According to a recent study in the Proceedings of the National Academy of Sciences, the ancient and diverse Mesoamerican civilization Teotihuacan collapsed not because of war, drought, or famine -- but because of a "corporate mode" of governance that involved "ostentatious expressions of inequality and wealth."
In the study, Linda Manzanilla of the Universidad Nacional Autonoma de Mexico argued that the "contrast between the corporate organization at the base and top of Teotihuacan society and the exclusionary organization of the neighborhoods headed by the highly competitive intermediate elite introduced tensions that set the stage for Teotihuacan’s collapse."
Teotihuacan was a powerful cultural center in Mesoamerica between the first and sixth centuries AD because of its diversity -- two volcanic eruptions had forced the civilization to integrate substantial populations of refugees who brought with them new trades that bolstered the economy.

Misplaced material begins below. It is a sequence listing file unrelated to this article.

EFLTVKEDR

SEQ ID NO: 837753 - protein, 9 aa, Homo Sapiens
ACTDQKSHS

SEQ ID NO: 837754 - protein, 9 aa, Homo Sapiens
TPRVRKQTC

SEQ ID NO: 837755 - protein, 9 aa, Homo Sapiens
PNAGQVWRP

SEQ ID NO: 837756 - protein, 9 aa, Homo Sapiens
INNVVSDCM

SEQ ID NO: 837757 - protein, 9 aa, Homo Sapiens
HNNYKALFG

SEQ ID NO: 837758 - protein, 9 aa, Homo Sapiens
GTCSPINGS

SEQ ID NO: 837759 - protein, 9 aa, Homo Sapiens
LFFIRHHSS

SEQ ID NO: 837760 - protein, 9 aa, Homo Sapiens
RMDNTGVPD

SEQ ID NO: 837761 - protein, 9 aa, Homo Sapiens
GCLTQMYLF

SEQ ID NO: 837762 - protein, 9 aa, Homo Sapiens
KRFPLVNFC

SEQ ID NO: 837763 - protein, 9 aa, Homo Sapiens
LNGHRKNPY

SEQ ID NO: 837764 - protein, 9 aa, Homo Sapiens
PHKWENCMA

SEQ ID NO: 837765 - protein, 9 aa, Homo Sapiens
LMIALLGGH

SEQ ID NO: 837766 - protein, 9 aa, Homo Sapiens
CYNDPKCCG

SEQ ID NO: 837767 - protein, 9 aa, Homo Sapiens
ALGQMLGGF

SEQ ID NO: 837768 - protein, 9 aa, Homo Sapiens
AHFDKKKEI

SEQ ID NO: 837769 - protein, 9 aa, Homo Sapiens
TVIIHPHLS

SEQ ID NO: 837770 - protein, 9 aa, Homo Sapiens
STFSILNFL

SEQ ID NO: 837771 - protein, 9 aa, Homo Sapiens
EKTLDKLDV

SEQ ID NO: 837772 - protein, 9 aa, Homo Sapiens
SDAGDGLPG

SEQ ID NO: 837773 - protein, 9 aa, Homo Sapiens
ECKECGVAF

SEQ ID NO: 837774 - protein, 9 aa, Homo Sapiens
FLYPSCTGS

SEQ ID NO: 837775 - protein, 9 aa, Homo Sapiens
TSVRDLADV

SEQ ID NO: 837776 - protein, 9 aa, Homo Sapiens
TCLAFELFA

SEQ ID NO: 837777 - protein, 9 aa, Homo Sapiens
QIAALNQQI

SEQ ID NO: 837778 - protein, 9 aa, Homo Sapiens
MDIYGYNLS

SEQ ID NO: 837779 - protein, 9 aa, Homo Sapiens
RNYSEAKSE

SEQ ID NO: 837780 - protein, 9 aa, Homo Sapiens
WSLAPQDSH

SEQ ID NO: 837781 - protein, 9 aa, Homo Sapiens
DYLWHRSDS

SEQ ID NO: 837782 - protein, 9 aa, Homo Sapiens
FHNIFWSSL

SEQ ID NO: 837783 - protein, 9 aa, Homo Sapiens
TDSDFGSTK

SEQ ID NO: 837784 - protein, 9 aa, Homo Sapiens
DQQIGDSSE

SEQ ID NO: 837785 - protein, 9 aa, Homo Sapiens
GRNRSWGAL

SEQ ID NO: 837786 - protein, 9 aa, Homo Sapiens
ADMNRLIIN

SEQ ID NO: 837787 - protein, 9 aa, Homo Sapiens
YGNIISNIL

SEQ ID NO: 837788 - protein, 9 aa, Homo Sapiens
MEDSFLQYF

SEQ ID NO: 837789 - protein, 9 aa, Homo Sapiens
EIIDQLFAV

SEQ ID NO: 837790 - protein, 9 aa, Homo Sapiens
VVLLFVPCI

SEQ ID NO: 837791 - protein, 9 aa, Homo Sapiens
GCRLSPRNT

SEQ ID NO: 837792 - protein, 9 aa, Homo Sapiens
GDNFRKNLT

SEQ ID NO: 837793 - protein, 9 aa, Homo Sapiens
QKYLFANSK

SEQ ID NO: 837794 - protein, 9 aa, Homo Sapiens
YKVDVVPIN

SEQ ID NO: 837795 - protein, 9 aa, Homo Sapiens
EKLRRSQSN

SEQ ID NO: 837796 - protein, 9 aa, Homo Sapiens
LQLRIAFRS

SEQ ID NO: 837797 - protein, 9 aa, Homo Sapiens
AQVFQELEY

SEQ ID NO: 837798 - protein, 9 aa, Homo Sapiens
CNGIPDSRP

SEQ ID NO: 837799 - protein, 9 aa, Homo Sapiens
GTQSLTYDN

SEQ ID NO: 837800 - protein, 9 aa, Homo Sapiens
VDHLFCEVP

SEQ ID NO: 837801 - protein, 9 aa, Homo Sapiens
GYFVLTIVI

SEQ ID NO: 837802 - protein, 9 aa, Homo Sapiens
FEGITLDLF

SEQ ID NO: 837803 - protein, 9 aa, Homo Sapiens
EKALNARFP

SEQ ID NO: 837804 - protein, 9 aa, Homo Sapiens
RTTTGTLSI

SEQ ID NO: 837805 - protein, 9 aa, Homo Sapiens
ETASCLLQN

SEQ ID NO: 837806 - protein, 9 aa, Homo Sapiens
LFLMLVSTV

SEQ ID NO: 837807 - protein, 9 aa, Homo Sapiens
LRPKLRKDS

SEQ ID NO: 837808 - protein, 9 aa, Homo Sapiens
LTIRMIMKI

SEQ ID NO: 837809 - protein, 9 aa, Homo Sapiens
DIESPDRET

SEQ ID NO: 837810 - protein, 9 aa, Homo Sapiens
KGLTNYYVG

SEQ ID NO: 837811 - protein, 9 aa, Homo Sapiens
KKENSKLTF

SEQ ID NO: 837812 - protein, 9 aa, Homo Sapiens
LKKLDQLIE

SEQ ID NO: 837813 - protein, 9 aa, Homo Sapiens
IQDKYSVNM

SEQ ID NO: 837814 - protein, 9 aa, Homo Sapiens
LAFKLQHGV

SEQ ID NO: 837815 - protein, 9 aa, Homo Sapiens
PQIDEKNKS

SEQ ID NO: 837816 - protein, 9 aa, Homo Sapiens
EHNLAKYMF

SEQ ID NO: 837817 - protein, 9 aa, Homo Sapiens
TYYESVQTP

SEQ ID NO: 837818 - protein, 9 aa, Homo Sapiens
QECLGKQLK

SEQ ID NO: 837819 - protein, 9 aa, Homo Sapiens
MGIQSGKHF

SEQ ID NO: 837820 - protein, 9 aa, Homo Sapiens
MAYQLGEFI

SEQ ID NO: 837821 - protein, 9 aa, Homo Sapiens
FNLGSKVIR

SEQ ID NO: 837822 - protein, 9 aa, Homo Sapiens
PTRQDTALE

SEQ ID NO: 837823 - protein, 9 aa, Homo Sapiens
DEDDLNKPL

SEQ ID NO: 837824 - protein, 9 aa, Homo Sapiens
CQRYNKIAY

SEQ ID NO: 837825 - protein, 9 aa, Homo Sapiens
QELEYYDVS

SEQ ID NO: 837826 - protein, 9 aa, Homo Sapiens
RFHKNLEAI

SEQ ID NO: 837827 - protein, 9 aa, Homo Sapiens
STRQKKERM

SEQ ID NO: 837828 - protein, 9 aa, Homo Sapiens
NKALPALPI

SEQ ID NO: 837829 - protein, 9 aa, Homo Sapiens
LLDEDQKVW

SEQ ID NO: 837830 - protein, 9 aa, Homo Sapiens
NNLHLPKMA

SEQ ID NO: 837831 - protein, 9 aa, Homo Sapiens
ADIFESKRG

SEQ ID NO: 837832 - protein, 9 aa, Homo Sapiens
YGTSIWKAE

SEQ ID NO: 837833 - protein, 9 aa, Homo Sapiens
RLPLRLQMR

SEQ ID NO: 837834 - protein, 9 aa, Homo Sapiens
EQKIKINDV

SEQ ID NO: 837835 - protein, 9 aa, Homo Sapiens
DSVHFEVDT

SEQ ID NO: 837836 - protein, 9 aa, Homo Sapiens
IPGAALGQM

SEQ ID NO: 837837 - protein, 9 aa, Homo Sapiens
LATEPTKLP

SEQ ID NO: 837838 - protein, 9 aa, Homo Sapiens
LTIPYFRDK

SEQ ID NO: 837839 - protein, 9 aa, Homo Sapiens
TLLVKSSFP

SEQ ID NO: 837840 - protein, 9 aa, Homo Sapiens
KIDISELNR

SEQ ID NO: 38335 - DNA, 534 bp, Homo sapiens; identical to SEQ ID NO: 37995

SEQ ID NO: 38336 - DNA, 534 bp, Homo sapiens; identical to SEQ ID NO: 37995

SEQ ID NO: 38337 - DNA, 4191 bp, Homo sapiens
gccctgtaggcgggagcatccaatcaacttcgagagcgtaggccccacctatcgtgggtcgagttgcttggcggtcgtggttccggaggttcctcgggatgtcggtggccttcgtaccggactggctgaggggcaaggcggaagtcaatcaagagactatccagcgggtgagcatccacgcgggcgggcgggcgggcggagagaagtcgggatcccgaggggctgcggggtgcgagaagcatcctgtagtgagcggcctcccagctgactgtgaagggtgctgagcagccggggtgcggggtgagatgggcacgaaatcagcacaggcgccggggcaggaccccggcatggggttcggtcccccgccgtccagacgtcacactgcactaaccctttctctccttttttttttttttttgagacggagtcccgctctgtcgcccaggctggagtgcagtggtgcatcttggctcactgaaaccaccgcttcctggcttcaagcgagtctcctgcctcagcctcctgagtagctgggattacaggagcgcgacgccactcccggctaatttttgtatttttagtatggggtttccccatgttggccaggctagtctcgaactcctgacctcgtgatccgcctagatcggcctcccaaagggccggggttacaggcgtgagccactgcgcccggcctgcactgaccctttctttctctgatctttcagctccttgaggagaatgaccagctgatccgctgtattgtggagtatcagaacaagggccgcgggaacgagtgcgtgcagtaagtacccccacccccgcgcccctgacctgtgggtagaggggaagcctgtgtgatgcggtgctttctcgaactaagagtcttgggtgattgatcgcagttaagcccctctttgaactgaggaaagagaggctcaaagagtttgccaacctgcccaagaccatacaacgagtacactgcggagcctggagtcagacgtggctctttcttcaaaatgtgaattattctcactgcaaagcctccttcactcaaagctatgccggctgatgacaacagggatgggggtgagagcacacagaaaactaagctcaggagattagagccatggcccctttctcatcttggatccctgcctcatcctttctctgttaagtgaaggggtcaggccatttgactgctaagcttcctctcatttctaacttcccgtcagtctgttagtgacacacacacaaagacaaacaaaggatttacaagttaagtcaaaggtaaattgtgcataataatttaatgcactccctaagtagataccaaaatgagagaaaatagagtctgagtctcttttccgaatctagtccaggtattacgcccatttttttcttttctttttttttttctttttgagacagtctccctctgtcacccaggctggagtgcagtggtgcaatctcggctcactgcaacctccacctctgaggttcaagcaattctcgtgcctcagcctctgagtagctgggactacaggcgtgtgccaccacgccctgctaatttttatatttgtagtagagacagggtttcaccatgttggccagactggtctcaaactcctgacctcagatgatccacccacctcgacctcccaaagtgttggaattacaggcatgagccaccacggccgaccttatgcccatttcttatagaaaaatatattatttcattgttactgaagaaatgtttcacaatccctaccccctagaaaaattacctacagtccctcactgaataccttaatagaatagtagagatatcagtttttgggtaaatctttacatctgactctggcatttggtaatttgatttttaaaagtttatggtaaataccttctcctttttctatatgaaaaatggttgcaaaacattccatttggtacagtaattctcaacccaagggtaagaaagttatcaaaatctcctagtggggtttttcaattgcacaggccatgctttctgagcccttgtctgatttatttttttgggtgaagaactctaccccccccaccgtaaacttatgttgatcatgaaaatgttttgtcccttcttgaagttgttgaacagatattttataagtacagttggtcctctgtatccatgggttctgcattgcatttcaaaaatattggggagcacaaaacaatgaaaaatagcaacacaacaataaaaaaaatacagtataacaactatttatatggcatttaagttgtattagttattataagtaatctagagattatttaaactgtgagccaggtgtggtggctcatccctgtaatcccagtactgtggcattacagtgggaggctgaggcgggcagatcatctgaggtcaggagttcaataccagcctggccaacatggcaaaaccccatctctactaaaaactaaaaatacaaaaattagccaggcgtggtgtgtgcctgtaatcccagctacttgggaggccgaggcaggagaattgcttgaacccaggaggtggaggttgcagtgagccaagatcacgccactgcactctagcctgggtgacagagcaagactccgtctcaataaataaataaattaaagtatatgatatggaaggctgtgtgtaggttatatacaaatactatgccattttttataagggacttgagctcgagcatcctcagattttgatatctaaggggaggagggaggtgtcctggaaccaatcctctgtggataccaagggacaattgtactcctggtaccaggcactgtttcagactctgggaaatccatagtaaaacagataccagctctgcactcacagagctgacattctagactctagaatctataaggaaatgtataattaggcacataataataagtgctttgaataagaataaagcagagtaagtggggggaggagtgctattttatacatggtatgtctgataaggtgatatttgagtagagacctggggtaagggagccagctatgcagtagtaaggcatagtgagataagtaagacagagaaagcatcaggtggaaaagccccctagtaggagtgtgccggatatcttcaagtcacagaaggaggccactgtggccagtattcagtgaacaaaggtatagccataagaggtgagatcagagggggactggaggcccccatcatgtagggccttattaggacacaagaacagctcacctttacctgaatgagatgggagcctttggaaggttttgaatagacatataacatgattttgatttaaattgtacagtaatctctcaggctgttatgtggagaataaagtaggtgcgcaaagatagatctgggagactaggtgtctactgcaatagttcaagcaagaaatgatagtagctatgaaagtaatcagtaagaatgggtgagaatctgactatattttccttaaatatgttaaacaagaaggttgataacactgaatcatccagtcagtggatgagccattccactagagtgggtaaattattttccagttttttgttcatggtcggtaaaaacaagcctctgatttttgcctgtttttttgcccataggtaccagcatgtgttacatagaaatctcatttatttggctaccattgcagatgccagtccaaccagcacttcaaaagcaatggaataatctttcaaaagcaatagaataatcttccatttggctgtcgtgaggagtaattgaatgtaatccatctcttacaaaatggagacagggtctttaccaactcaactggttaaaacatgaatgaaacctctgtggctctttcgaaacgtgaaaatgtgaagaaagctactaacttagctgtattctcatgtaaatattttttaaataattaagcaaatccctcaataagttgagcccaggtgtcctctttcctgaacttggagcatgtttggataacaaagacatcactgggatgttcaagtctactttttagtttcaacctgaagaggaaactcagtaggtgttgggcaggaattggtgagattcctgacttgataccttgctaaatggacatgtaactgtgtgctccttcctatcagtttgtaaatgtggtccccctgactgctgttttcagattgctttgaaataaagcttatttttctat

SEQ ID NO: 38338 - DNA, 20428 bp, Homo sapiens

Manzanilla found that the majority of these refugees settled on the outskirts of Teotihuacan, with the more central areas being reserved for the native elites. However, as the former refugees became integrated into Teotihuacan society, they began to acquire wealth, becoming what Manzanilla called "an intermediate elite."
It is the tensions between this "intermediate elite" and the corporate-minded native elite that led to the civilization's downfall.
"The major ritual and administrative buildings along the Street of the Dead were set on fire in A.D. 550, and the sculptures inside palatial structures, such as Xalla, were shattered," Manzanilla wrote.
"No traces of foreign invasion are visible at the site. We interpret this event as a revolt against the ruling elite, perhaps a response to a late intervention on the part of the state to control the entrepreneurial movements of the intermediate elite."